<p><b>Voormi Fall Line Jacket</b></p> <p>The first thing many gear testers do with a new waterproof product is wear it in the shower, have their kids spray them with the hose, or dunk it in water. So when I tested this product, I have to admit that it was completely bizarre to watch streams of water run off a wool jacket exactly the same as it would off a traditional poly shell. Yes, Voormi’s Fall Line jacket is made of wool with a waterproof membrane.</p> <p>Waterproof. Wool. Two words that haven’t really gone together until now, but this is the first time a single-layer fabric has directly incorporated a weatherproof membrane inside the knit of the textile. Traditionally, waterproof/breathable garments are achieved by laminating a membrane to an outer shell or sandwiching it between two layers, both of which contribute to the crunchy, rustling feeling so common in outdoor jackets and pants.</p> <p>Voormi’s Core Construction, however, stitches its yarn right through the membrane, creating a one-layer garment that’s quieter, softer, and lighter, and though the process punches holes in the membrane that normally would allow wetting, Voormi has found a way to seal those gaps. (The exact process is proprietary.)</p> <p>Getting sprayed with the hose is only peripherally relevant to the real world, of course, but the Fall Line performed great in cool autumn hiking as an insulating layer, allowing body heat to escape, blocking light rain, and serving as a more weather-worthy option to fleece. Whether Voormi can take on the billion-dollar waterproof/breathable fabric industry is an open question, but the Fall Line shows it has a solid start.</p> <p>$399; <a href="http://voormi.com/collections/shop">voormi.com</a></p>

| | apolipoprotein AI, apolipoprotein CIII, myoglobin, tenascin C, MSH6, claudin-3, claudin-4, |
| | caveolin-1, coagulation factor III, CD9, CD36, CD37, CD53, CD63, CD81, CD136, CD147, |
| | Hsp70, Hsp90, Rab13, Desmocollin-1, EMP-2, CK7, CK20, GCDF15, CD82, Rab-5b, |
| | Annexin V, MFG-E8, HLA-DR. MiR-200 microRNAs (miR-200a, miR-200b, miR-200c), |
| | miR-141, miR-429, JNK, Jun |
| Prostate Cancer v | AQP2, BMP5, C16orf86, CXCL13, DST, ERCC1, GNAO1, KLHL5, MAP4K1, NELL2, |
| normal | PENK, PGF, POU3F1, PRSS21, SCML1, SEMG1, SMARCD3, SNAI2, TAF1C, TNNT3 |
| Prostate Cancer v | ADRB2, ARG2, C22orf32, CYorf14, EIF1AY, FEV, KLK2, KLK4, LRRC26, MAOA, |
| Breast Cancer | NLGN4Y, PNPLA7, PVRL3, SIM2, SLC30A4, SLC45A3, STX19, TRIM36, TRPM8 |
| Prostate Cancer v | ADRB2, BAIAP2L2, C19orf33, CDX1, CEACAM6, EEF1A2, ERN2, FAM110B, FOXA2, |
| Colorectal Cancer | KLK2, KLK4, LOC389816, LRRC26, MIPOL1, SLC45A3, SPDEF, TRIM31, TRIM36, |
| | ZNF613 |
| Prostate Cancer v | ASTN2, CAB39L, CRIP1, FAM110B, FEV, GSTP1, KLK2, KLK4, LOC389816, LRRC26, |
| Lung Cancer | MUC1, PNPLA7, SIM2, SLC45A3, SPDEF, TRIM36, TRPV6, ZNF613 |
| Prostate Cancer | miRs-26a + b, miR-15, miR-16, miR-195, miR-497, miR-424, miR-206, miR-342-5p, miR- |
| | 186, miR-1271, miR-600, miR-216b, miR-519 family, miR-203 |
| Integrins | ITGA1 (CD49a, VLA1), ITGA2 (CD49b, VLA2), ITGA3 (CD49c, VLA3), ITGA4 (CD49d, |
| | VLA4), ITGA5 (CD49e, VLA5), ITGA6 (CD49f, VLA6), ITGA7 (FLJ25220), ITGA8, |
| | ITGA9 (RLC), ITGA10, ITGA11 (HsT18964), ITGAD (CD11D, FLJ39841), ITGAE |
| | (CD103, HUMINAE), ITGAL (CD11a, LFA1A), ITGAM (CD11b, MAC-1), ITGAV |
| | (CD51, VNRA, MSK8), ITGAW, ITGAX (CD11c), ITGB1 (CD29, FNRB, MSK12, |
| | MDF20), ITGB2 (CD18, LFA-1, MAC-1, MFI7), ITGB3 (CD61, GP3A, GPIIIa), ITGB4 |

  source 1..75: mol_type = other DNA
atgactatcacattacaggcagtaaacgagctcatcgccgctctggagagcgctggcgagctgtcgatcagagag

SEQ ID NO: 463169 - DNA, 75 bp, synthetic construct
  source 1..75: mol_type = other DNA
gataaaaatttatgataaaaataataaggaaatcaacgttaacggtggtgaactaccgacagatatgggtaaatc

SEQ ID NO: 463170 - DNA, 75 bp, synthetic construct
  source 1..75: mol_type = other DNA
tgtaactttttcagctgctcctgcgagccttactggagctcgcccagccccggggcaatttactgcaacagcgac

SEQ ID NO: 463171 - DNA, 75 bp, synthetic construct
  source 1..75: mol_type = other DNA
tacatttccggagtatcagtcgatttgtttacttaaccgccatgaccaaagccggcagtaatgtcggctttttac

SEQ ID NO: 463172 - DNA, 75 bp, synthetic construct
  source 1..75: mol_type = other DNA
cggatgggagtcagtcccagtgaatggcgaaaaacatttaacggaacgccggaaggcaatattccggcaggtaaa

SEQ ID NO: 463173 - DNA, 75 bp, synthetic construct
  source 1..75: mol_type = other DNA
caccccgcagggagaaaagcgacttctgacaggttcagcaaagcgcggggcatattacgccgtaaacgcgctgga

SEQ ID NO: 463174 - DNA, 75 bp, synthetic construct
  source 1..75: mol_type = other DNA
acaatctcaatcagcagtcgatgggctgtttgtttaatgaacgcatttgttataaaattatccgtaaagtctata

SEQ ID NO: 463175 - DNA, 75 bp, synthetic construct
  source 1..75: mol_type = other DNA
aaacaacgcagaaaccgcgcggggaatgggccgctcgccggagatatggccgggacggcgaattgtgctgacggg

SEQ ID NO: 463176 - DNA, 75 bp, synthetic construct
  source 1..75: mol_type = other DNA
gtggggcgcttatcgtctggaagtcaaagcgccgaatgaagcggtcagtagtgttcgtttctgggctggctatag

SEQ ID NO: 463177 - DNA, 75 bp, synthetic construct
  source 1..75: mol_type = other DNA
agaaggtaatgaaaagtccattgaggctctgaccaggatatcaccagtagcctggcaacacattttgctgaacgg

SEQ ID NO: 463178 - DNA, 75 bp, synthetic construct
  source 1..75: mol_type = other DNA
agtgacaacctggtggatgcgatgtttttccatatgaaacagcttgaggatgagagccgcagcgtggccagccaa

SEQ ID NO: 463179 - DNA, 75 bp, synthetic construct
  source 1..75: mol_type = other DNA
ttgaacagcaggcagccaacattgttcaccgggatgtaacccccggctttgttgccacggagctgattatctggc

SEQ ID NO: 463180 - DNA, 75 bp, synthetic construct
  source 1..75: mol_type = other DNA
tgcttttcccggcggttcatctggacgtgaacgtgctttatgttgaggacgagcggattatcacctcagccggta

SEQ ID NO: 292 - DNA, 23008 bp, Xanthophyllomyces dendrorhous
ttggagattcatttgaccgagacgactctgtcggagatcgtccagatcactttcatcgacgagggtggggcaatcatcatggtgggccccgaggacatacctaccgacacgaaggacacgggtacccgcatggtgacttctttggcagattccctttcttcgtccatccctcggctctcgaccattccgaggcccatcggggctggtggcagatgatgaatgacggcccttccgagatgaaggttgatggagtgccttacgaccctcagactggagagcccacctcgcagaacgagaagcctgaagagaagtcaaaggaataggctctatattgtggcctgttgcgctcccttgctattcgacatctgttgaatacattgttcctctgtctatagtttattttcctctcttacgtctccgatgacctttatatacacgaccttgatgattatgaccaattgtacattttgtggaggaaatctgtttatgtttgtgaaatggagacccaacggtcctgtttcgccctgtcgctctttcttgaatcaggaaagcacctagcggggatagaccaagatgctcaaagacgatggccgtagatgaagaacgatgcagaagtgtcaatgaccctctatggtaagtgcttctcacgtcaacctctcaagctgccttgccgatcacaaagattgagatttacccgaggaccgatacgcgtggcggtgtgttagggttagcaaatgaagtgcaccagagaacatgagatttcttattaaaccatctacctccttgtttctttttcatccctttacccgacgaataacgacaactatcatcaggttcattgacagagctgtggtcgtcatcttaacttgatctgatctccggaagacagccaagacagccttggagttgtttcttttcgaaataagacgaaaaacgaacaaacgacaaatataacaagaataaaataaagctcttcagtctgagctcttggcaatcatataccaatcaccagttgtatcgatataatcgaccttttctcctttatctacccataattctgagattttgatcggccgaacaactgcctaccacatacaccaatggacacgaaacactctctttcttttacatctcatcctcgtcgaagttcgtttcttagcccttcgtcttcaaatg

Revolutionary Waterproof/Breathable

Voormi Fall Line Jacket

The first thing many gear testers do with a new waterproof product is wear it in the shower, have their kids spray them with the hose, or dunk it in water. So when I tested this product, I have to admit that it was completely bizarre to watch streams of water run off a wool jacket exactly the same as it would off a traditional poly shell. Yes, Voormi’s Fall Line jacket is made of wool with a waterproof membrane.

Waterproof. Wool. Two words that haven’t really gone together until now, but this is the first time a single-layer fabric has directly incorporated a weatherproof membrane inside the knit of the textile. Traditionally, waterproof/breathable garments are achieved by laminating a membrane to an outer shell or sandwiching it between two layers, both of which contribute to the crunchy, rustling feeling so common in outdoor jackets and pants.

Voormi’s Core Construction, however, stitches its yarn right through the membrane, creating a one-layer garment that’s quieter, softer, and lighter, and though the process punches holes in the membrane that normally would allow wetting, Voormi has found a way to seal those gaps. (The exact process is proprietary.)

Getting sprayed with the hose is only peripherally relevant to the real world, of course, but the Fall Line performed great in cool autumn hiking as an insulating layer, allowing body heat to escape, blocking light rain, and serving as a more weather-worthy option to fleece. Whether Voormi can take on the billion-dollar waterproof/breathable fabric industry is an open question, but the Fall Line shows it has a solid start.

$399; voormi.com

Photograph courtesy Voormi

Gear of the Year: Fall/Winter 2015

The Season's Best New Gear Traditionally, fall and winter are when you give up your “summer” sports. The bike gets a tune-up, three-season tents and bags get washed, and the trail runners go on the shelf until the snow melts. But, wow, have things changed. Fat bikes extend adventure cycling to four seasons. Lighter, more versatile insulations allow one garment to cover you from warmth of Indian summer to the chilly bluster of spring. New tents can handle winter’s blasts while weighing not much more than summer ultralights. Think outside the box? Gear manufacturers are thinking outside the season, and we’re all better for it.

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